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Showing posts from December 18, 2014
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What Does The Future Hold For Marketers? 16 CMOs Share Their Predictions For 2015

What’s in store for marketers next year? To help prepare for 2015, we asked sixteen of today’s leading CMOs their predictions for the new year.
From Taco Bell CMO Chris Brandt who forecasts mobile’s ever expanding role in the consumer experience, to Salesforce Marketing Insight VP Jeff Rohrs’ prediction that 2015 will be the year of collaboration, marketers have much to look forward to during the next 12 months.
In the age of ubiquitous connectivity, mobility, and social media, CMOs and their C-Suite brethren can no longer afford to remain siloed in organizational towers.
While everyone would like a crystal ball to forecast the future, the following CMO insights very well may be the next best thing.
Top CMO Predictions for 2015

Chris Brandt, CMO, Taco Bell Corp.
In 2015, I believe that mobile will continue to elevate the consumer retail experience and will put more control in the hands of consumers—they will have access to brands, services and products where, when, and how they want it.
Howe…

Do you see what I see: the road to 100% viewability

Getting 100% of anything seems like an impossible dream. The government takes a percentage of your paycheck. A percentage of that muffin ends up as crumbs on the plate. And people who say they’re giving you 100%. . . well, clearly it’s just an expression.
Still, ad buyers such as Unilever and Group M insist on 100% viewability for all of their digital ad units and back in November Conde Nast said they’re make it so. Really?
Today, the IAB chimed in on the subject with a clear message – “100% viewability is unreasonable” and marketers should happily settle for 70%. (To be clear, the Media Rating Council said it was unreasonable and the new IAB paper says they agree.)
I think the choice of the word “unreasonable” implies that 100% viewability is something marketers shouldn’t expect. But I don’t think that’s what they meant. I hope that’s not what they meant.
By asking for 100%, marketers are saying is that they don’t want to pay for impressions if no one is actually watching. For example, i…

Instagram Is Still Trouncing Twitter In Brand Engagement

Instagram’s surge past Twitter in active users — 300 million to 284 million — was big news last week, even sparking discussion about whether Instagram could eventually unseat Twitter as the top social news service.
That’s a battle that won’t be settled soon, but this week social analytics firm Socialbakers chimed in with a reminder to marketers that in terms of engagement Instagram is already blowing Twitter away.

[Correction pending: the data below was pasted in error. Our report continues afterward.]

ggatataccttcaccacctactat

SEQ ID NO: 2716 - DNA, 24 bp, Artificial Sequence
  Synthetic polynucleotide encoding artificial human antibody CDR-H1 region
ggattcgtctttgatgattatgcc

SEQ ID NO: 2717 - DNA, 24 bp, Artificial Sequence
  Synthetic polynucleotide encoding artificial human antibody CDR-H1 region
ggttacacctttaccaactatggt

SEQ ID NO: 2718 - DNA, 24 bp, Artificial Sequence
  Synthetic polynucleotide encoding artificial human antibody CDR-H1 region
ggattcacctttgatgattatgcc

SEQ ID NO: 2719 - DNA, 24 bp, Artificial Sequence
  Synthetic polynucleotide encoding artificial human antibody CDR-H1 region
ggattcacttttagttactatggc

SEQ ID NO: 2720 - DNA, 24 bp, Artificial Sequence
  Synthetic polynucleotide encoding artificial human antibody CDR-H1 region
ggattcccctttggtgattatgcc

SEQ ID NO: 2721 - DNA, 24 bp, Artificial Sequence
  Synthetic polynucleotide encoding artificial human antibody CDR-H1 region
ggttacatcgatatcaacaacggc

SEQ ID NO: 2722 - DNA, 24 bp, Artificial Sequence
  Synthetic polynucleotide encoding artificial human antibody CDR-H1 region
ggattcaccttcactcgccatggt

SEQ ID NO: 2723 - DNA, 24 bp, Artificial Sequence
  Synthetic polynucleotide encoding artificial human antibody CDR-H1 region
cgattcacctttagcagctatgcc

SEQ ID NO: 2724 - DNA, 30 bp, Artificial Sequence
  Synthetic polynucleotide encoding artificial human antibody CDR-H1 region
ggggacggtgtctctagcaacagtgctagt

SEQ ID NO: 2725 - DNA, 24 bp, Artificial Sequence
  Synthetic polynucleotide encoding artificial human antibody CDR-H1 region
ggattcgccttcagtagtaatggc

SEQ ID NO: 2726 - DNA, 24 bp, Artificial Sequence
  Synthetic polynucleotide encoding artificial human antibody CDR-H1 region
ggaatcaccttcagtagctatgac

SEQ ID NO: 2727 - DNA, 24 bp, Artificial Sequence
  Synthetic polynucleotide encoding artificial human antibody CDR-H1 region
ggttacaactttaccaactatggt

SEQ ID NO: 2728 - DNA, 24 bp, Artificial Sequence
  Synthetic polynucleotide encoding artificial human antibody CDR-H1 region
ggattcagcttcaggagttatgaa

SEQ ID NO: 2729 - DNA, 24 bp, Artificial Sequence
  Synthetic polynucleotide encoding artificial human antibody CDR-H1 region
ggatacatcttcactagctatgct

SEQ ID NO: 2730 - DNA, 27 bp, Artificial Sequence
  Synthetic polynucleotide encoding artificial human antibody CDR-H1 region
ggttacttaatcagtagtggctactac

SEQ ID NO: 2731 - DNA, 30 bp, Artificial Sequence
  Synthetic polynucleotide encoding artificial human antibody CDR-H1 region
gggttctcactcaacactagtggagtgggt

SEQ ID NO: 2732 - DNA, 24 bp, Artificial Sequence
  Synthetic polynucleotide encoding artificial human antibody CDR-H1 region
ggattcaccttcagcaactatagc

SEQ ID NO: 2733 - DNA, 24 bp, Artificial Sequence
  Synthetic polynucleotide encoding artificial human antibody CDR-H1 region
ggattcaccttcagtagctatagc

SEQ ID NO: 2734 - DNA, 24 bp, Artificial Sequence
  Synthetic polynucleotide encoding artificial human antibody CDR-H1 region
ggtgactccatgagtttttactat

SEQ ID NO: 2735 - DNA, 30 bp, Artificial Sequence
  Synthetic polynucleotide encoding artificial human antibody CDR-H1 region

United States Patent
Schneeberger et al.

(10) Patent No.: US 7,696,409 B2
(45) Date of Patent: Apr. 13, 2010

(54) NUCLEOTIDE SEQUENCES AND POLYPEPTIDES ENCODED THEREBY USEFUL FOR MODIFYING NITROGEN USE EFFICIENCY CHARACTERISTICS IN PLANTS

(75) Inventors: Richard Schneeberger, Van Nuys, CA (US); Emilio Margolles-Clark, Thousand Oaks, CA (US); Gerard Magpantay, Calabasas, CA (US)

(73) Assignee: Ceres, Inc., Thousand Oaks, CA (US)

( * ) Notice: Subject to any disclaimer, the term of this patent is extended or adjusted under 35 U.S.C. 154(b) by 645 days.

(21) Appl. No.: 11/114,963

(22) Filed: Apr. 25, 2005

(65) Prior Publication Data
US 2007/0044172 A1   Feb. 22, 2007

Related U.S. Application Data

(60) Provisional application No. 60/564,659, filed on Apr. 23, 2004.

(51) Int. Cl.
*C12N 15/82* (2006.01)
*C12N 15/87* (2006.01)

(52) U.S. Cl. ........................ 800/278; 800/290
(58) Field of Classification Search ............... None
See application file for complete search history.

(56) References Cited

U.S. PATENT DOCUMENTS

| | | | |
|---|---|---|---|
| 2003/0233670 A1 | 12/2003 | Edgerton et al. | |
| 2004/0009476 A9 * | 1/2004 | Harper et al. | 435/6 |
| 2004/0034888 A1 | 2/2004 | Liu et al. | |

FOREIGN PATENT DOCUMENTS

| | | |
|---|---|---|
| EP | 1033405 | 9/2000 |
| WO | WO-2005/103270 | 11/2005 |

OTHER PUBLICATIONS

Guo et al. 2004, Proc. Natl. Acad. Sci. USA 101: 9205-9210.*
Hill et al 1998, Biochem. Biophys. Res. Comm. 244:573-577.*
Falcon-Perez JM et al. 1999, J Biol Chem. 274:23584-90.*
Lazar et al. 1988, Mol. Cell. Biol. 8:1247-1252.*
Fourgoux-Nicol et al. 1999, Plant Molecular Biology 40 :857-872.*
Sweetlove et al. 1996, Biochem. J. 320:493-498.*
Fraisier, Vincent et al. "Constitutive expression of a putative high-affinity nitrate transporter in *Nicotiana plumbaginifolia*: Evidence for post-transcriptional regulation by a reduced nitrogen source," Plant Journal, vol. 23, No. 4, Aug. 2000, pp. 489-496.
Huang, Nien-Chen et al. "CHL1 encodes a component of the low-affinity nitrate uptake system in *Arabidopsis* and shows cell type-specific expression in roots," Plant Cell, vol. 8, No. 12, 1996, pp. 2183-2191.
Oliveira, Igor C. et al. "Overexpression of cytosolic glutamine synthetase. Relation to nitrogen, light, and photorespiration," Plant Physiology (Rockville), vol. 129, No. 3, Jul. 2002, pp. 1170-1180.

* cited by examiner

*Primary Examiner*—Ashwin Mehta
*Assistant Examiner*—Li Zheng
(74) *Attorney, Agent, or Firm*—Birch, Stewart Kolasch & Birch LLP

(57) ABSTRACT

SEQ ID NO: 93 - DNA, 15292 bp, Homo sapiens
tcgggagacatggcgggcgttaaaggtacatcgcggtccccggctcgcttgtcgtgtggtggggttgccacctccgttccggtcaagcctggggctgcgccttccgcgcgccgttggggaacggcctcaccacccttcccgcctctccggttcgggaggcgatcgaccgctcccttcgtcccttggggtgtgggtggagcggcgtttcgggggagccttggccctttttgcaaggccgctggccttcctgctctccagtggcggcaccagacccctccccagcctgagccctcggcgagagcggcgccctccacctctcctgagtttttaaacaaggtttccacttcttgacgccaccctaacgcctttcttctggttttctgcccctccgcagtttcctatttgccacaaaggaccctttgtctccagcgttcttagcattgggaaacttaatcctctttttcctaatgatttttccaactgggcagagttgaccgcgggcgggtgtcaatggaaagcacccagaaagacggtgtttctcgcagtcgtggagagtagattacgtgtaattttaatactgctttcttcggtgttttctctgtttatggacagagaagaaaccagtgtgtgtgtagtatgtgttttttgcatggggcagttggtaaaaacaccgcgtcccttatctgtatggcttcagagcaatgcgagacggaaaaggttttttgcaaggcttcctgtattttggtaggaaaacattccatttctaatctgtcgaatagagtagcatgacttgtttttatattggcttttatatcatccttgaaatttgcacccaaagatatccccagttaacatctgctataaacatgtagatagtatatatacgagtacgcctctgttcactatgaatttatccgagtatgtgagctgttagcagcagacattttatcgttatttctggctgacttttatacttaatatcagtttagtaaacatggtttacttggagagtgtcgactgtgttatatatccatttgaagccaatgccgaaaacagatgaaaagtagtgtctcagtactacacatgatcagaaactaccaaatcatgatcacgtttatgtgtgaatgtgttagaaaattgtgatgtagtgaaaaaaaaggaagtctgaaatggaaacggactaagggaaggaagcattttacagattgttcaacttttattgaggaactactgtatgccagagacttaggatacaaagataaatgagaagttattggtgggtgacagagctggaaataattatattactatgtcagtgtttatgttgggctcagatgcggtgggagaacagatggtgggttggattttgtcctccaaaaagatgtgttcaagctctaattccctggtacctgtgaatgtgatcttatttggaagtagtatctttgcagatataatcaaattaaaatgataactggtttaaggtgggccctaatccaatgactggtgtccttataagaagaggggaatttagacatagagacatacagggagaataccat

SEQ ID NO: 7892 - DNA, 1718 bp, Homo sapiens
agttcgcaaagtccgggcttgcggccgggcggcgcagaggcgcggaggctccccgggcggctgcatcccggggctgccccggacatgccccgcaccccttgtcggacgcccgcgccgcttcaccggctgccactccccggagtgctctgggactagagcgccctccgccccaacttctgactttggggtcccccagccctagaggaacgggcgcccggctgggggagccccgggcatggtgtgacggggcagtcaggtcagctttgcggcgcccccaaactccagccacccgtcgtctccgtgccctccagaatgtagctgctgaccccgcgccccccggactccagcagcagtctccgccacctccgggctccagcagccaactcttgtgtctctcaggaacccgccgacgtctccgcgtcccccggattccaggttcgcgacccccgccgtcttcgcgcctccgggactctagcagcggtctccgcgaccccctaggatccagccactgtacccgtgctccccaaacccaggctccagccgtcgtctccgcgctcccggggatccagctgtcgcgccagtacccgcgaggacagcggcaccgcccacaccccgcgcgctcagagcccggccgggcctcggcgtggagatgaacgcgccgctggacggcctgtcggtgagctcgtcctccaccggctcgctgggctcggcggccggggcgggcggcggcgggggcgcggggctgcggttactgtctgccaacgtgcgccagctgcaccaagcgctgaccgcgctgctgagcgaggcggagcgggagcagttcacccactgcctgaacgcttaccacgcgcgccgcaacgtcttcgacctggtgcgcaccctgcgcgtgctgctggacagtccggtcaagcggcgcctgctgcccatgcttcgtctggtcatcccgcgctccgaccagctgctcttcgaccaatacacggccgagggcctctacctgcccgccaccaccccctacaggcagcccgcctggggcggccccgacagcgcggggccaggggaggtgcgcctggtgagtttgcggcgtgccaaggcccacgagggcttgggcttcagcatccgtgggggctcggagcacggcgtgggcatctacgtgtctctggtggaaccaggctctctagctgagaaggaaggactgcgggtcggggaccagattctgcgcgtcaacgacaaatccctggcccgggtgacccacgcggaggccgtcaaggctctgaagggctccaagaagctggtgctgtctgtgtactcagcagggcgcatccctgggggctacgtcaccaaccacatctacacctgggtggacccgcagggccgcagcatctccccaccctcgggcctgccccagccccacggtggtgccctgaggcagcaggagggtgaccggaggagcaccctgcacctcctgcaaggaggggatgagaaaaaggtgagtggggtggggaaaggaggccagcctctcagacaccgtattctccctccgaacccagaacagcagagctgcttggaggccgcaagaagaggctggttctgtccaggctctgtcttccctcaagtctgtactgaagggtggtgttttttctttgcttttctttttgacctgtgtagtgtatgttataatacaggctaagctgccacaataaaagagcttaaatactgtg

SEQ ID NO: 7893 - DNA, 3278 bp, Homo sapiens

Socialbakers compared the top 25 brands in Instagram engagement with the top 25 on Twitter and found per post engagement rates nearly 50 times higher on Instagram. Looking at three months of data ending December 9, the firm found that the average Instagram post for a major brand has a per fan engagement rate of 3.31% (counting likes and comments), whereas the top brands on Twitter are seeing a Twitter engagement rate of 0.07% per tweet, counting retweets, replies and favorites.

During the three month span, brands on the lists averaged 38 times more total interactions on Instagr…

E-Mail Study: Call It Black Friday Or Cyber Monday, But Don’t Use “Cyber Week”

Major retailers that sent out holiday e-mail marketing campaigns with the phrase “Cyber Week” in their subject lines got a proverbial lump of coal from consumers.
According to a Yesmail study, e-mails with that term in the subject line had an open rate that was at least two percent lower on average than e-mails that mentioned “Black Friday” or “Cyber Monday.”
Yesmail looked at 831 holiday e-mails in November from 29 major retailers including Dell, Best Buy, Apple and others. Of those brands, 21 sent e-mails with the word “Black” in the subject line and 19 used the word “Cyber.” But the e-mails that said “Cyber Week” rather than “Cyber Monday” were the ones that didn’t perform as well. Yesmail says that might be because “Cyber Week” doesn’t create a sense of shopping urgency.

Interestingly, more than a third of the email marketers we tracked (37%) used the term “Cyber week” in their subject lines. These types of campaigns had open rates at least 2% lower than the 12.07% average, with some…